Veterans Day is when those who’ve served in the U.S. military are celebrated, and retired Brig. Gen. Ed Hall makes it a full day.
He’s often invited to a local elementary school’s celebration. Then, he meets fellow American Legion members at Post 28 in Duncan Park before enjoying a free Veterans Day lunch at Applebee’s on Spartanburg’s east side. The city’s Veterans Day parade follows. Some years, he and others have been known to later visit the west side Applebee’s for another free meal.
“That pretty well fills up the day,” says Hall, who was a military science professor at Wofford from 1967 to 1970.
Hall, however, is never too far removed from thinking about those men and women who died while serving in the U.S. military, including the 102 Wofford students and graduates who died in service since World War I.
He’s worked with others over the years to develop a commemorative brick walkway outside of American Legion Post 28 to honor and memorialize living and deceased veterans from Spartanburg County. He worked with the college’s ROTC program to include information involving Wofford’s fallen. Hall and a small group, including Bill Tinder ’60, retired U.S. Army Col. Jack Kaplan ’69 and Trustee Emeritus Harold Chandler ’71, are exploring opportunities to establish an outdoor memorial on Wofford’s campus.
He has hopes that it’ll be a place to gather and remember on Veterans Day. Memorial Day is the designated holiday to remember those who died in service, but Hall knows the campus community is often dispersed for summer vacation by then, and he finds it appropriate to make sure those men and women are part of Veterans Day ceremonies.
“I’m a retired combat veteran and had personal friends killed,” Hall says. “I was with some when they were killed. They were young and lost their lives. I married, had children and grandchildren, and they lost all of that.”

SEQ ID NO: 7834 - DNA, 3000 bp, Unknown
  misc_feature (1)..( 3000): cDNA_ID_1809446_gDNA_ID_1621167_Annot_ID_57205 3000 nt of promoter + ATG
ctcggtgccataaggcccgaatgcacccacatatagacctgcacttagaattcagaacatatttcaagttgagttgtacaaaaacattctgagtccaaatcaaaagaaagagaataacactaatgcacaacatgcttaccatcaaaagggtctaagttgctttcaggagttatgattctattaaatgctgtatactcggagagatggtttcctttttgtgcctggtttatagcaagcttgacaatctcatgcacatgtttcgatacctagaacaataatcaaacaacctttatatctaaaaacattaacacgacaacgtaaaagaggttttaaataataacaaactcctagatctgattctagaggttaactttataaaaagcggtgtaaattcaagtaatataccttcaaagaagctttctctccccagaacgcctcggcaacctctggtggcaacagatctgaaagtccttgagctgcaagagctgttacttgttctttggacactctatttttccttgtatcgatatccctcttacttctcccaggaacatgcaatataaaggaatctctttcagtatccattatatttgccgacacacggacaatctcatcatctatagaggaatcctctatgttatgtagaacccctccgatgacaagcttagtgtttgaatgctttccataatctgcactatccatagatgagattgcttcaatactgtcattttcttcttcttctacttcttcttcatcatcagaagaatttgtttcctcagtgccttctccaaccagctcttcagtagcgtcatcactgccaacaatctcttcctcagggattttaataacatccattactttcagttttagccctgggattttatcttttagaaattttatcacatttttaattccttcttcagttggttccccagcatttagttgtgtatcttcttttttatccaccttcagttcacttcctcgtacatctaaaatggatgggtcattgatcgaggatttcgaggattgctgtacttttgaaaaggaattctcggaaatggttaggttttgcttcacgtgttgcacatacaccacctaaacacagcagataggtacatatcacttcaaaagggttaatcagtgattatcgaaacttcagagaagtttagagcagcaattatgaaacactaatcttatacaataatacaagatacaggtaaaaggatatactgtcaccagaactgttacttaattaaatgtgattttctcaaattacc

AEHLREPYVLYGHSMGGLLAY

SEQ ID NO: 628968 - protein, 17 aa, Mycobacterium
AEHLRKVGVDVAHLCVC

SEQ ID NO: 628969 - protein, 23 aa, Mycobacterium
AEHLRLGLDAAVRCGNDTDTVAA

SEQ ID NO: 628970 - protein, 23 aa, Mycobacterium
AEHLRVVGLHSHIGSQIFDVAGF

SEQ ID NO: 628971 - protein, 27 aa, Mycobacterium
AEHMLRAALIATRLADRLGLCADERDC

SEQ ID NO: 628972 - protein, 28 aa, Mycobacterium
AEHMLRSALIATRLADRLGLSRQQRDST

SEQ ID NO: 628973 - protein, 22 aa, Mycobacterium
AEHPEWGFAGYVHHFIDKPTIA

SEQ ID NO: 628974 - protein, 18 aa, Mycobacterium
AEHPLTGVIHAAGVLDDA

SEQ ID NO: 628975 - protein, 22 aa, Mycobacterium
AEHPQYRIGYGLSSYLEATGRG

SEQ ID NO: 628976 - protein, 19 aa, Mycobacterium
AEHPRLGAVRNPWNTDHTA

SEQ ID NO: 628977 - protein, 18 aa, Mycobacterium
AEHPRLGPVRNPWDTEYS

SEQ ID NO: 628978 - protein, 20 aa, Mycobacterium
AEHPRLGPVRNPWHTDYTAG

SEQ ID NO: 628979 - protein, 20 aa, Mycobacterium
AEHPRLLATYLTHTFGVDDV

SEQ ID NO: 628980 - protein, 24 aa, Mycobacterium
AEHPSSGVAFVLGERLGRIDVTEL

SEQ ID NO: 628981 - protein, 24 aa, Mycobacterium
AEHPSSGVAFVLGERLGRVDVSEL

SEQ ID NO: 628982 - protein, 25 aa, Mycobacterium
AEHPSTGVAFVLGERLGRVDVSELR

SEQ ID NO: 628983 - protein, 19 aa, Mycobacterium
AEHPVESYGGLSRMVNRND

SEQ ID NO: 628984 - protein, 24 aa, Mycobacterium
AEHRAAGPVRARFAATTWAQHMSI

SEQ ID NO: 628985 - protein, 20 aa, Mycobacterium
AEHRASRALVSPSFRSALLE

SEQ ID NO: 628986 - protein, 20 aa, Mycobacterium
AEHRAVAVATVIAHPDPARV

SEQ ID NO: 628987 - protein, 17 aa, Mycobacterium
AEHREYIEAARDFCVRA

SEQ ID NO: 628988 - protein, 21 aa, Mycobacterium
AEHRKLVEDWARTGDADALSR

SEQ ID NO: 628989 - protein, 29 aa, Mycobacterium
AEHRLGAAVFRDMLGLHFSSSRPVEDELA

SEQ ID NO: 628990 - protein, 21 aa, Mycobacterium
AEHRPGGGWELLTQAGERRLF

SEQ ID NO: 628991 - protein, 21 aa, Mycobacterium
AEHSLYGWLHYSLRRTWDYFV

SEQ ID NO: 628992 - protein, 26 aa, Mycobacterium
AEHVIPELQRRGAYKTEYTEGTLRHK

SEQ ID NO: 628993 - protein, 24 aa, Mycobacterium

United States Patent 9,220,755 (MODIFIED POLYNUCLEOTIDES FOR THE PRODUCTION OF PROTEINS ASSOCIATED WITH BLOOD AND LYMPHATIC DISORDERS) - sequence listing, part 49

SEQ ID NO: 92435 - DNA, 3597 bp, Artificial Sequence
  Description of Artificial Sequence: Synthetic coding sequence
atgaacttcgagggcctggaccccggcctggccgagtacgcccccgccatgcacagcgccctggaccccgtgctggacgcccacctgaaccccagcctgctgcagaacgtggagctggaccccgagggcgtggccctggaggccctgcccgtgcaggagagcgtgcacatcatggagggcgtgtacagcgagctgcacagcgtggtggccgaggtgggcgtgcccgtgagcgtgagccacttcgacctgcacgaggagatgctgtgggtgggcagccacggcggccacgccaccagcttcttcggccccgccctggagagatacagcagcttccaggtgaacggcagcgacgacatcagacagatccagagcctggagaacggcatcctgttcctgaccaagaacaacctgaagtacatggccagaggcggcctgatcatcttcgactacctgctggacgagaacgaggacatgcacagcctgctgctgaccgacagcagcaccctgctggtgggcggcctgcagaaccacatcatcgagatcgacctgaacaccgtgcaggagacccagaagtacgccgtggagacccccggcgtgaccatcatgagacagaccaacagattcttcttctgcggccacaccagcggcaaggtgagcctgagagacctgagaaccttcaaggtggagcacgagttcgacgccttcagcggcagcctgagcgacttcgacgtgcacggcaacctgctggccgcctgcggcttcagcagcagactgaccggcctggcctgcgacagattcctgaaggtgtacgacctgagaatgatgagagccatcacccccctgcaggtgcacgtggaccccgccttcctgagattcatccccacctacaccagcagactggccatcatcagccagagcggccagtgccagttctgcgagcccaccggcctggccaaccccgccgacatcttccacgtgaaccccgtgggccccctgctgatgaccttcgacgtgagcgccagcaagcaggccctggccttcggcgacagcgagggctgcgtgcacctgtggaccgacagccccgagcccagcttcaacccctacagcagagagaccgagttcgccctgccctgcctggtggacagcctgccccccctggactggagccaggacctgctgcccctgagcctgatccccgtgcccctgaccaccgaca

Dr. Phillip Stone, Wofford’s archivist, has worked with Hall on a few projects over the years and has witnessed Hall’s dedication.
“His lifelong military service no doubt gives him a sense of responsibility to preserve the memory of others who have served in the armed forces, and his work to prepare Wofford students for service in the Army has tied him closely to the college,” Stone says. “I know that he has worked for years on the project to remember Wofford alumni who have died in the service of our country.”
After retiring from the U.S. Army in 1980, Hall returned to Wofford to work as the assistant director of Wofford’s physical plant for 22 years before retiring in 2004.
Hall said Post 28 is a very active American Legion chapter. Before the COVID-19 pandemic, it averaged more than 100 people at monthly meetings. The post has 678 active members, including a few Wofford graduates who studied under Hall. He’s at the post most days.
He’s the curator of the post’s museum and its library, which has more than 2,500 volumes. The museum is open to the public.
Post 28 supports local veterans needing assistance, accommodates school visits to its museum and library, sponsors high school students participating in Palmetto Boys’ State and Palmetto Girls’ State, and the Post 28 American Legion baseball team during the summer months. Another service is a team of volunteers who provide military funeral rites whenever a family makes a request.
“We do it because we want to do it, and we’re honored to do it,” Hall says.